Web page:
CLUSTER BOMB [collective] are contemporary performing artist collective, established in 2009 at Dartington College of Arts incorporating University College Falmouth, who specialise in devising contemporary performances evolving out of a cross-disciplinary, collaborative process. The [collective] are based in London, where they are current studio artists at ]performance s p a c e [, the UK’s only performance art specific gallery and artist-led non-profit organisation.
The [collective] work with a wide variety of international artist, all of whom have a strong background in the contemporary performance fields of theatre, choreography, writing, visual, digital, video and sonic arts.
The [collective] have developed performance projects on both a national and international level, and have been supported by Artsadmin, Battersea Arts Centre, Anolfini Bristol, University College Falmouth, ]performance s p a c e [, and Kunstfabrik/Flutgraben e.V, Berlin.
The [collective] are developing a project entitled TEUFELS¦BERG (the devil is (in the) listening) which will involve month-long residency in Teufelsberg, where the [collective] will live and work to devise, develop and produce a site-specific immersive tour around the former US Army field station, exploring the performance of listening:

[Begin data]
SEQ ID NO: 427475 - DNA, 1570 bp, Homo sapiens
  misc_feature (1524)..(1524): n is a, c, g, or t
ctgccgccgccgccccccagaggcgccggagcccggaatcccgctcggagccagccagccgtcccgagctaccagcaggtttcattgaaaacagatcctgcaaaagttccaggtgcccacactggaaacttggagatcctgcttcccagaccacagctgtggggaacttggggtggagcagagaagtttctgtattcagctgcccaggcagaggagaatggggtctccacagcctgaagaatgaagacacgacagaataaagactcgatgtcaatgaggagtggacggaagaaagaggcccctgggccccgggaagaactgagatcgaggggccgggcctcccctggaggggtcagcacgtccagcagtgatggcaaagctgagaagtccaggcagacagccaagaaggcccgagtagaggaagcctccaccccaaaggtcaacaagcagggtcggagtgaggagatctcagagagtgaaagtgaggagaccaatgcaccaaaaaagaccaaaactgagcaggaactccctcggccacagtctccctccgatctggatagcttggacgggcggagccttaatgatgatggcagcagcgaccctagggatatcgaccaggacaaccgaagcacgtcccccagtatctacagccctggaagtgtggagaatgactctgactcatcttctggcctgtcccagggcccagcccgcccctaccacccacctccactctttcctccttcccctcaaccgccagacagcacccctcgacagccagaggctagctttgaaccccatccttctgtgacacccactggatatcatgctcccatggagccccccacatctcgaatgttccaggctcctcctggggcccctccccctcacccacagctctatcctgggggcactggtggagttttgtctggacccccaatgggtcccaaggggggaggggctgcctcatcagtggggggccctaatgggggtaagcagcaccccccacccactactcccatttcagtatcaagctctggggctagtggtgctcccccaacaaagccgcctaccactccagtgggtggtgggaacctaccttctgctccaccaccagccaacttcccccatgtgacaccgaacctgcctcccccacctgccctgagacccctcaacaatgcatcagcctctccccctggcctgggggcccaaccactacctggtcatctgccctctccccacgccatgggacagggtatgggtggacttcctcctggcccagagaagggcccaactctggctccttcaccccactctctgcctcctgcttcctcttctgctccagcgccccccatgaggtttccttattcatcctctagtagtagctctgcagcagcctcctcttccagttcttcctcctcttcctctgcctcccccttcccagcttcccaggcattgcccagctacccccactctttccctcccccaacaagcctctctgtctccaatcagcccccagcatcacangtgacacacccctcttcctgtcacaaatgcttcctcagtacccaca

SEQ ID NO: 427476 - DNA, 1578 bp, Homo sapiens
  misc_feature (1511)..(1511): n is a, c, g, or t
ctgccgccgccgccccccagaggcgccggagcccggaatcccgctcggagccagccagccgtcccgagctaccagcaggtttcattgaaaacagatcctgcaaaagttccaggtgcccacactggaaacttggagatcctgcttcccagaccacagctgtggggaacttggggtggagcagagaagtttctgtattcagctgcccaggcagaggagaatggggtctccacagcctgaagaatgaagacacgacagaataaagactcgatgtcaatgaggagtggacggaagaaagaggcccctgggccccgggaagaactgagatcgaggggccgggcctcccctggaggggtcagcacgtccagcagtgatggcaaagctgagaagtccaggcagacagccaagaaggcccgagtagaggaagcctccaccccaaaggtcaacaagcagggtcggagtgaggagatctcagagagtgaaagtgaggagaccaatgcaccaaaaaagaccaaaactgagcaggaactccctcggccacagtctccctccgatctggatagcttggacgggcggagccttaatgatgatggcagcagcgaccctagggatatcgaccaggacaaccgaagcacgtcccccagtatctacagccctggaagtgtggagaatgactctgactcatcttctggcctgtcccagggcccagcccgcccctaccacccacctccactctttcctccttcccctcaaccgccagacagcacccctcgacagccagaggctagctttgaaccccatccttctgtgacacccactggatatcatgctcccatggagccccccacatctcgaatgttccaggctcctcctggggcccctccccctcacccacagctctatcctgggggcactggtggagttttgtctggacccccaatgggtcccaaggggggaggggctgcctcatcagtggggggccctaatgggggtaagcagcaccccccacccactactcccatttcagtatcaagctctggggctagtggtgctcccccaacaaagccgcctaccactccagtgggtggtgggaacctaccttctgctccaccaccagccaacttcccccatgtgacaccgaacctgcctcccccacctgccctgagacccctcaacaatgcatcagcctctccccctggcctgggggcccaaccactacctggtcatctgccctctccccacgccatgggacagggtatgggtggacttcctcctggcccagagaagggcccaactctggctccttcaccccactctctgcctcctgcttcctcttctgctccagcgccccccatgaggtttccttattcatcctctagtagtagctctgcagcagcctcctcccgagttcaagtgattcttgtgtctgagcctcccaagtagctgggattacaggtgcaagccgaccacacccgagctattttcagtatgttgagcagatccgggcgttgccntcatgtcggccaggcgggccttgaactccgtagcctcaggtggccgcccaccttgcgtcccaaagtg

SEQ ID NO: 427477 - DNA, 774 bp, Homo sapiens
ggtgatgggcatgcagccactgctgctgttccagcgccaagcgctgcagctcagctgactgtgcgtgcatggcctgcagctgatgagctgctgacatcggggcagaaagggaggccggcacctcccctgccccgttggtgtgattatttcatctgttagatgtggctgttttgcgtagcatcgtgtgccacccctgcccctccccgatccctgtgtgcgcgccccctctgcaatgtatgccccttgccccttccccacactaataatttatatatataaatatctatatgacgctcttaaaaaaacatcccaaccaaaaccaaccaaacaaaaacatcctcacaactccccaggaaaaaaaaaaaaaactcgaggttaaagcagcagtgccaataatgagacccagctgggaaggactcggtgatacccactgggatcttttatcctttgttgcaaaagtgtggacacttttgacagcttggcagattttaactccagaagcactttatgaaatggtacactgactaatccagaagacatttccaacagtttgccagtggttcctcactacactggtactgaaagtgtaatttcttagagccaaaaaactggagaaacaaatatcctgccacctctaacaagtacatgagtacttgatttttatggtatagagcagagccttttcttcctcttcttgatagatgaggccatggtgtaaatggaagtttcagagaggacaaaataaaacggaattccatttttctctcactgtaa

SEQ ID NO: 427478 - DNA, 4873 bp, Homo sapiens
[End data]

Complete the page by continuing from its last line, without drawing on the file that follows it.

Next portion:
“…the Allies already had radar facilities at Tegel, Tempelhof and Gatow airports.
Teufelsberg’s function was to listen – nothing more.”
Our residency in Teufelsberg will explore and question the passive nature of listening audiences in both theatre, performance art and sound walks, in order to find news ways of allowing audiences to make free choices in supposedly controlled guided tours around historical contexts, as well as the meaning of being an ‘audience’ themselves:
late 14c., “the action of hearing,” from Old French audience, from Latin audentia “a hearing, listening,” from audientum, present participle of audire “to hear,” from PIE compound *au-dh- “to perceive physically, grasp,” from root*au- “to perceive” (cf. Greek aisthanesthai “to feel;” Sanskrit avih, Avestan avish “openly, evidently;” Old Church Slavonic javiti “to reveal”).